that exquisite and painful transition to winter

I went for a long walk in Central Park this weekend.  I’ll miss its colors and vibrance and kapow! of life and verdant green in the middle of my city this winter.  How beautiful it is!

And yes, my post is about nothing more than that–a loving aching last hug to now.

Central Park view


About sputnitsa

Born in the US, I grew up in Africa and the West Indies, and returned stateside in my teens. I've worked in international development, social justice and democracy work, and inclusivity training both domestically and overseas. I have served in Peace Corps, where I experienced my first Russian invasion, after which I volunteered with refugees and mentored youth. I vacation climbing minarets and mountains, as well as exploring theaters, museums and parks. Here in New York, I produce short films, direct short plays, and write.
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7 Responses to that exquisite and painful transition to winter

  1. Beth says:

    I’ve missed your photographs!

    How is this month’s 100 mile walk going?

    • sputnitsa says:

      Aw, thank you! I love the park, and this is the season for meandering in it!!

      As for this month’s walking madness, I’ve actually upped the ante. Yes, why walk a mere 100 miles a month, when you can walk 100 miles within the first 20 days of the month? What, you can think of multiple good reasons?! 😉

      Actually, I have an escapade coming up next week, so I reckoned I’d get my 100 miles in beforehand. Because I can’t let well enough alone. I’ve got 78.6 miles down, and 21.4 to go. In four days. Outrageous, and therefore appealing. Wish me luck!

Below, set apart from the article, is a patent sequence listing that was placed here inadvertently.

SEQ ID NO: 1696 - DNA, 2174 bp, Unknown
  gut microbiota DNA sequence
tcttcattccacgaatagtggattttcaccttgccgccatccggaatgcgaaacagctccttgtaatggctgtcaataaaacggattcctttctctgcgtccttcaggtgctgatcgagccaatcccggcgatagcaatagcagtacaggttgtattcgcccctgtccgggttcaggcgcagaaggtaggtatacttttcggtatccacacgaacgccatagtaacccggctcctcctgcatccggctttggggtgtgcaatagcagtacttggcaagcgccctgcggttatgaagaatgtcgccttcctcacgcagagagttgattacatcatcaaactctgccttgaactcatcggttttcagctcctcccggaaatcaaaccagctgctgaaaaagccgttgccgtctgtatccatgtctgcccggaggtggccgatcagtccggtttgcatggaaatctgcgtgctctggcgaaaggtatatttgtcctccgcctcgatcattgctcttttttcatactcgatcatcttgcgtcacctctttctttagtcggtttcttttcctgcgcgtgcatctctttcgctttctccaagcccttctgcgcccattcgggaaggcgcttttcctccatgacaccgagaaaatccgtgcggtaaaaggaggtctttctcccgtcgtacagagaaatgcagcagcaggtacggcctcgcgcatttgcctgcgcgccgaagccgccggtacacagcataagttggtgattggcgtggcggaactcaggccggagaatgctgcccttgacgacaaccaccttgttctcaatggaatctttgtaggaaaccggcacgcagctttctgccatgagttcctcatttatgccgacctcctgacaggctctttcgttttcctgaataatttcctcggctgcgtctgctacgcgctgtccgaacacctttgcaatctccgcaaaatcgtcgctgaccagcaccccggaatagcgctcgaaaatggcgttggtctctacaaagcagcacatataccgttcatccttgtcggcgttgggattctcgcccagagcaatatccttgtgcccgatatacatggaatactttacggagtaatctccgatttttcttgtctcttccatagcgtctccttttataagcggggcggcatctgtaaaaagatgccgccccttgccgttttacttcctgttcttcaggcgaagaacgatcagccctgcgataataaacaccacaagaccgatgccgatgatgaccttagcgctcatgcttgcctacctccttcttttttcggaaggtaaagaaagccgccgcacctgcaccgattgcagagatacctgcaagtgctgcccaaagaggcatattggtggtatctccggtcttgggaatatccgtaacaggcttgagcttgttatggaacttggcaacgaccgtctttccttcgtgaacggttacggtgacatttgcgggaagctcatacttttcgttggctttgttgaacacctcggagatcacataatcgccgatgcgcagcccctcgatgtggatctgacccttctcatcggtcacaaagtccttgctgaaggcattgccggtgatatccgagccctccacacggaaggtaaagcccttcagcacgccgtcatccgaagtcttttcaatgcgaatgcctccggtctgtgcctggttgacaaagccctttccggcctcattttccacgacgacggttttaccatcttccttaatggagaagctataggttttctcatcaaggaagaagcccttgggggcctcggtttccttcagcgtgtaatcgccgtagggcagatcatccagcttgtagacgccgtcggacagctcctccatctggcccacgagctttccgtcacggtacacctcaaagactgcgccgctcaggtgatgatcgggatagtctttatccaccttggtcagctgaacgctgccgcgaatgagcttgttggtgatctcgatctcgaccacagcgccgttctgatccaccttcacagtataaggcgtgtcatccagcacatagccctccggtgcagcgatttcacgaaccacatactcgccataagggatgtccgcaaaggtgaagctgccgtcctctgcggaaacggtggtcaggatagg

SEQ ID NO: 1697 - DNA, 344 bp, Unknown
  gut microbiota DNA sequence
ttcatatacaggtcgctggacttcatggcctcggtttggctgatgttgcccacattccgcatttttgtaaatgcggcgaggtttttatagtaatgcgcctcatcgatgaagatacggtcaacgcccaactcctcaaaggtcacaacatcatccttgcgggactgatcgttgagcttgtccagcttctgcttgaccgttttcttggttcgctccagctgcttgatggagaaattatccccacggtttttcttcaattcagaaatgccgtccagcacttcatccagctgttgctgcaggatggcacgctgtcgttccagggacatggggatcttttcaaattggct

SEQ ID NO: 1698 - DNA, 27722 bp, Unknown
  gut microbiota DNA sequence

Oh, and I just splurged on a pair of minimalist moccasins which are arriving by post soon–I’m hoping I love them…and I’ll let you know. Have you ever used any minimalist shoes?

      • Beth says:

        Autumn is the best time to meander anywhere. Particularly where there are trees. 🙂

        Wow! Good luck to you. I’d love to take on a challenge like that–my studies leave me rather desk ridden. Best of luck to you! You can do it!

        I’ve never heard of minimalist shoes. What are they?

        • sputnitsa says:

          Amen to that! 🙂 I love the park at this time..

          I hear you about the desk-bound aspect of academia!!

          In terms of minimalist shoes, they’re to some degree what they sound like–shoes that are as little there as possible. The idea behind them is the theory (fact?) that as our exercise shoes have specialized, our injuries have not abated, and that all shoes are now built with heels that go against our natural gaits and postures. These heels encourage us to strike the pavement/ground with our heels, rather than landing on the balls of our feet/forefeet, a process which causes injuries and also goes against our bodies’ natural shock absorption systems. Minimalist shoes might have 2-5mm soles, built to protect the feet from sharp objects, but thin enough so that one’s feet can feel the ground. The Vibram Five Finger shoes (the ones that look like feet-toe-sock-things) are maybe the most thorough ones–because they allow your toes to do their work in walking/running. I didn’t get those, though… 🙂 I got a pair of moccasins instead–and took them out for a trial walk today. 7.5 miles or somesuch.

          Wow. You can probably find out more by googling barefoot running… I’m still trying to learn more–but do like the idea of returning to basics (plus necessary protection)…

        • sputnitsa says:

          thanks for the good luck wishes! 🙂 I’m at 88 miles today.

  2. Beth says:

    Oh, I’ve heard of them! I know people who wear the ones with the toes. 🙂

  3. ralfast says:

    I remember those cold autumn days, pretty but depressing at the same time.

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